We look at how to create extra living zones for your family.
Put up a pergola
Pergolas are usually open-sided and open-roofed, providing a framework for climbing plants rather than protection from the weather, although it’s possible to find roofed version. For further weather protection, have automatic or manually operated louvres installed, or a retractable shadecloth system.
Extend the roofline
A covered structure linked to the house will extend your indoor living zone, and is also the most cost-effective place to include an outdoor kitchen, as services don’t need to be run too far. However, ensure any outdoor kitchen materials, appliances and other inclusions are outdoor-rated, for safety as well as longevity.
Rev up a tropical-style retreat
Perfect by the pool, a Bali hut is a great way to get that holiday feeling everyday. Typically walled on three sides, with tropical styling and a distinctive thatched roof, it’s largely weatherproof and will provide cool shade on hot summer days.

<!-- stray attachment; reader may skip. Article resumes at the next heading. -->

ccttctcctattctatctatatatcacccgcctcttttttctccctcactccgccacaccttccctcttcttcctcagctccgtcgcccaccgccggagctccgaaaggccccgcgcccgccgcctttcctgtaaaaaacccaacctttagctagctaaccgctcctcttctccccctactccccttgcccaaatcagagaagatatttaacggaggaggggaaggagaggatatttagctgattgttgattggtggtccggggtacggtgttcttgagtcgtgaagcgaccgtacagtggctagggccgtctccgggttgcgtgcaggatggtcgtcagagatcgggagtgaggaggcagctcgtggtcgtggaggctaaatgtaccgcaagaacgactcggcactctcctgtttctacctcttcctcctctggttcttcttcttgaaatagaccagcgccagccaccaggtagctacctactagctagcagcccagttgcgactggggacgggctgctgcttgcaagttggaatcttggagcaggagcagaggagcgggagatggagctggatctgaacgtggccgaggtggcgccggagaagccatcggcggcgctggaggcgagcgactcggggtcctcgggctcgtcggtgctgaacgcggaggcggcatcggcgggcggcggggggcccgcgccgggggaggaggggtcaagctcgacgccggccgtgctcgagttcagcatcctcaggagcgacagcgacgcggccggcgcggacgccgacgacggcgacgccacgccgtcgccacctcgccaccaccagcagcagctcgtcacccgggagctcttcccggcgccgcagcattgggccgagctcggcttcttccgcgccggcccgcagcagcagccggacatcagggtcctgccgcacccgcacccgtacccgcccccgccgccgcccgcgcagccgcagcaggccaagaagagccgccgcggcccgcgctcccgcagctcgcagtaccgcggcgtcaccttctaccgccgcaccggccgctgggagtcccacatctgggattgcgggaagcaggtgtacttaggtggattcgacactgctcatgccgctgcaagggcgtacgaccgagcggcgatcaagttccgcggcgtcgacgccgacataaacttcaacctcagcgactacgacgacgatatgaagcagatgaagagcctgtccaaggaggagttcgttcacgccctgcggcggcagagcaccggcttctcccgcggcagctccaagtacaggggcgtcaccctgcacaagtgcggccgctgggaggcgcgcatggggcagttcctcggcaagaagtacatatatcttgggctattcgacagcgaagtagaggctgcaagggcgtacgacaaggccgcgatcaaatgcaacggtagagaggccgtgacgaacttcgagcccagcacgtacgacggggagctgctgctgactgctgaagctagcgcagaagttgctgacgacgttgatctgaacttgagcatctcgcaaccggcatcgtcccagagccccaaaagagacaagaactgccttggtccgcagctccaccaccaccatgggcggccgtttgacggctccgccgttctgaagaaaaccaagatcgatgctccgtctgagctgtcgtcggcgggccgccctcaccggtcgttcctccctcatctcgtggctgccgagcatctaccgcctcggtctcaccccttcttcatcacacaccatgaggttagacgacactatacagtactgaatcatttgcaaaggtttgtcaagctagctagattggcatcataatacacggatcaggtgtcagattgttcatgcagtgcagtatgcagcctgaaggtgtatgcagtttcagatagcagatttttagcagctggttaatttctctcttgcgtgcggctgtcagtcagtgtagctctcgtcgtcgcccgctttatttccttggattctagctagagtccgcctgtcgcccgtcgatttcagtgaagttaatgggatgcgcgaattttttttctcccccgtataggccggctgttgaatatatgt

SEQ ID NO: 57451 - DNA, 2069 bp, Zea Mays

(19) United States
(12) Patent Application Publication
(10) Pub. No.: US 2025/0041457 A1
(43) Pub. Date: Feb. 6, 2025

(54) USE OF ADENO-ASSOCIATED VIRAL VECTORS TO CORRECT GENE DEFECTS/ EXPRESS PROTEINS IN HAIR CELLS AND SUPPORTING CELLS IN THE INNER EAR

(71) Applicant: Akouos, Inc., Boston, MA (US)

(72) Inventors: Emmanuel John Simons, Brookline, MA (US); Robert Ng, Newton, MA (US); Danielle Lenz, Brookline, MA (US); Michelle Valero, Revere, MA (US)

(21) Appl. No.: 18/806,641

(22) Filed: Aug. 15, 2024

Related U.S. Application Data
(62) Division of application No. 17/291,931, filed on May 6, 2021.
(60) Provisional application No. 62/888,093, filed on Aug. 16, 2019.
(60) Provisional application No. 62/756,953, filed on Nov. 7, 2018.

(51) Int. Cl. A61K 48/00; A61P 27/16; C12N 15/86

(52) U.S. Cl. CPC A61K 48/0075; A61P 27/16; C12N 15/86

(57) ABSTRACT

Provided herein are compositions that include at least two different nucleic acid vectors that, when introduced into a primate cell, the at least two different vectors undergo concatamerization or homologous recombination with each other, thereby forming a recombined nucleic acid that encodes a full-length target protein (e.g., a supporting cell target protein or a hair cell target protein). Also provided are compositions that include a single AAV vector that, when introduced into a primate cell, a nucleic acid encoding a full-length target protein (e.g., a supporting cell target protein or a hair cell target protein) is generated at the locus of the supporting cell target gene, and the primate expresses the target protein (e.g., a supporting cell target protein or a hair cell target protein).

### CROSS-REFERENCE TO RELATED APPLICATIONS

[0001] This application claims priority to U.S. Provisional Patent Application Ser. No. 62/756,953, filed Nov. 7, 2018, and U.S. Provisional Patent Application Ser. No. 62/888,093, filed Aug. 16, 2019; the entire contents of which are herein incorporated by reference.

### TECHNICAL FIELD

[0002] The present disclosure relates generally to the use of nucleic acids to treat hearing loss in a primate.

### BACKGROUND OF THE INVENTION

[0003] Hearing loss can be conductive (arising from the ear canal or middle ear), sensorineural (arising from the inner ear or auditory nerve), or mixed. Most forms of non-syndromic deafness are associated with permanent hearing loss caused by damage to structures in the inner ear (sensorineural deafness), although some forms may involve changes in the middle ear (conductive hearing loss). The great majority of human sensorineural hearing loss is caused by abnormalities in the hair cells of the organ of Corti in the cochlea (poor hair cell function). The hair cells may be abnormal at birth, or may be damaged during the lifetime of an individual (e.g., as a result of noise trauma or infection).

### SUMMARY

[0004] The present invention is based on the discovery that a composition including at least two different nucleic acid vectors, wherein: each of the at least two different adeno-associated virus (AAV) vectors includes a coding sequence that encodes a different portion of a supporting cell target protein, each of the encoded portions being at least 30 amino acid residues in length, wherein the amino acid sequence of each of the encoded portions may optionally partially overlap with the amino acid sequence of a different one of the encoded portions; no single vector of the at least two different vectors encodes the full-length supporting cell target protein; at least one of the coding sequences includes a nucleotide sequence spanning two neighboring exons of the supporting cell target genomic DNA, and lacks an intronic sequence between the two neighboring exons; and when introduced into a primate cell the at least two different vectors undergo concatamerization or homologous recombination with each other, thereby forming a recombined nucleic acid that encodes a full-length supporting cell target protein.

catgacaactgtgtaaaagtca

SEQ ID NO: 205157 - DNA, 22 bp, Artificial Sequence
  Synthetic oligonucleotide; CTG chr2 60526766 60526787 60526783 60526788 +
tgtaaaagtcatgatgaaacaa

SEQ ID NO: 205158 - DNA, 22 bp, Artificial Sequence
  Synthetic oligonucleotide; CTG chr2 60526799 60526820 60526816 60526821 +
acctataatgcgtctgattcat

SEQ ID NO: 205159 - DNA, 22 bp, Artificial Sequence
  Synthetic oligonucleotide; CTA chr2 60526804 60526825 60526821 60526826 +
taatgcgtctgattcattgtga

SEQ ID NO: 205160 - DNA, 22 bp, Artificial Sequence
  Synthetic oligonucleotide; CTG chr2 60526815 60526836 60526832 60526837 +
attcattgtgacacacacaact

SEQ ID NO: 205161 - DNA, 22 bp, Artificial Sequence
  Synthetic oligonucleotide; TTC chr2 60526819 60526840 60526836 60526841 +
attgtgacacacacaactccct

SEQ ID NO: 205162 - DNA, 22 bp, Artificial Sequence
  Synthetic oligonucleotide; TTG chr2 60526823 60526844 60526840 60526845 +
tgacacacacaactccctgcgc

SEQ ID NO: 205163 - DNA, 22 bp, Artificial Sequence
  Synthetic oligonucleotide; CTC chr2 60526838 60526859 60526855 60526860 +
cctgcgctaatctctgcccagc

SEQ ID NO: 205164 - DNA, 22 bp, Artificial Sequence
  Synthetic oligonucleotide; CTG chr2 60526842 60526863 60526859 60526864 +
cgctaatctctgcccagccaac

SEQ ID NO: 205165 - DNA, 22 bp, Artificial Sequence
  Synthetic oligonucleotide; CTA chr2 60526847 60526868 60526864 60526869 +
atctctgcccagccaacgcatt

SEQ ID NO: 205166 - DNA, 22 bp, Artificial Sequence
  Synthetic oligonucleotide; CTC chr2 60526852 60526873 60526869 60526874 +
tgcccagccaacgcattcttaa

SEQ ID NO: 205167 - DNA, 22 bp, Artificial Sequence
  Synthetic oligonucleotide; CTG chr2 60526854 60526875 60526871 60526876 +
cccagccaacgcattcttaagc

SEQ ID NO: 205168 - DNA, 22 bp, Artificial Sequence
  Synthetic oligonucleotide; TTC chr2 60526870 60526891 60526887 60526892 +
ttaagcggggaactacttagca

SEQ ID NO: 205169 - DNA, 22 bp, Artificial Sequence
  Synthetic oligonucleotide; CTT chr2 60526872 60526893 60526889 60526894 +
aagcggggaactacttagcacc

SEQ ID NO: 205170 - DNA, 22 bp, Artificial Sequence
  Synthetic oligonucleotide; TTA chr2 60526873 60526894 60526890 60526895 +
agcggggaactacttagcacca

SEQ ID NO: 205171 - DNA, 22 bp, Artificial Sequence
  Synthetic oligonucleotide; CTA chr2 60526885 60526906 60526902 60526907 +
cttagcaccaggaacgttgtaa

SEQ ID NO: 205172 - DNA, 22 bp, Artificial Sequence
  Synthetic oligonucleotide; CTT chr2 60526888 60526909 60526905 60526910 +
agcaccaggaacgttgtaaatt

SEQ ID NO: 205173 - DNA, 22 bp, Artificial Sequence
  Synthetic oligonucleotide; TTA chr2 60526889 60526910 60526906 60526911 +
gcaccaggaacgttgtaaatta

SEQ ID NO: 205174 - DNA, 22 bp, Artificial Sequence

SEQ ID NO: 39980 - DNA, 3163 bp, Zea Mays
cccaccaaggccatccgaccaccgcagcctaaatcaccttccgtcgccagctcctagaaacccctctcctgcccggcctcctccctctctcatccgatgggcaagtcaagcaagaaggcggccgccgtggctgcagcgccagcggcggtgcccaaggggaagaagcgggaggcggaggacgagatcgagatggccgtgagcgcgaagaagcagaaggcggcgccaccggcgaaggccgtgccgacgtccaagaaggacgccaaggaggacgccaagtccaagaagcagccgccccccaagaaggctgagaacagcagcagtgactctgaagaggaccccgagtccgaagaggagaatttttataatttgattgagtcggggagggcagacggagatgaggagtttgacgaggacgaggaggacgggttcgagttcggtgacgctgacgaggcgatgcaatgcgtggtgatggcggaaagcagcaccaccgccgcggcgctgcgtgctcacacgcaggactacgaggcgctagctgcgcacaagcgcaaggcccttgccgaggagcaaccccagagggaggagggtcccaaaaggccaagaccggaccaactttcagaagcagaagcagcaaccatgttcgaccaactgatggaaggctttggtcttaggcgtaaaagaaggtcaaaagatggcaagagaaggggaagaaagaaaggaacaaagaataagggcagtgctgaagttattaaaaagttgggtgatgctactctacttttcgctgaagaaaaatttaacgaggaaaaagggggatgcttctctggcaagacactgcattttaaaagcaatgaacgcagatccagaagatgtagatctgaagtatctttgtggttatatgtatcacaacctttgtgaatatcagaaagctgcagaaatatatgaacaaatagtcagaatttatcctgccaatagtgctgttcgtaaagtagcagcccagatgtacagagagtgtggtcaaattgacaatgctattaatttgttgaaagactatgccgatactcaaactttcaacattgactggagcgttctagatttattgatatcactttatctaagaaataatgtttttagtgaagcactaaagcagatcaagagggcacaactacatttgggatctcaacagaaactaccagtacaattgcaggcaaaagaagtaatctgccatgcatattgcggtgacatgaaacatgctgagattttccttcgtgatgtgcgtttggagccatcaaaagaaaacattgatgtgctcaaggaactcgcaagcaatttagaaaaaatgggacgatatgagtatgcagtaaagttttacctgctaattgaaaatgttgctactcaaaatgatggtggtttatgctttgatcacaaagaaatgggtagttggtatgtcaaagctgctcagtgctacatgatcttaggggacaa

Go shady with a gazebo
Generally a roofed, open-sided structure, a gazebo is usually set away from the house and can become a drawcard to lure people into the garden. This traditional garden building is perfect for an older-style home, and can be a cunning way to disguise a backyard water tank.
Plan a cabana
A cabana – another poolside favourite – can be as small as a covered area that might host a shower, a fridge and a bar, to a fully stocked pool house could also serve as guest quarters or a teenager’s retreat. Furnish with an eye on the practicalities, such as outdoor rugs to cope with a succession of wet feet.
Build a home for granny
Granny flats have seen a huge increase in popularity recently – not only as a space for nan, but as a teenage retreat, guest accommodation, or a place for adult children to live. As with any separate structure, it makes sense to co-ordinate with the look of your existing home. Check local regulations to see if you can let it out commercially, as restrictions apply.
Do I need a DA for that?
As a rule of thumb, the more significant the structure, the more likely you are to require approval. A freestanding structure of less than 10 square metres, that’s not close to a boundary, will probably not need planning permission; a pergola, patio or deck that’s attached to an existing house will, as will a granny flat. Granny flats can’t be on a separate ownership or title, and cannot be sold independently of the main dwelling. Your builder will be able to advise which council approvals are necessary for your particular structure.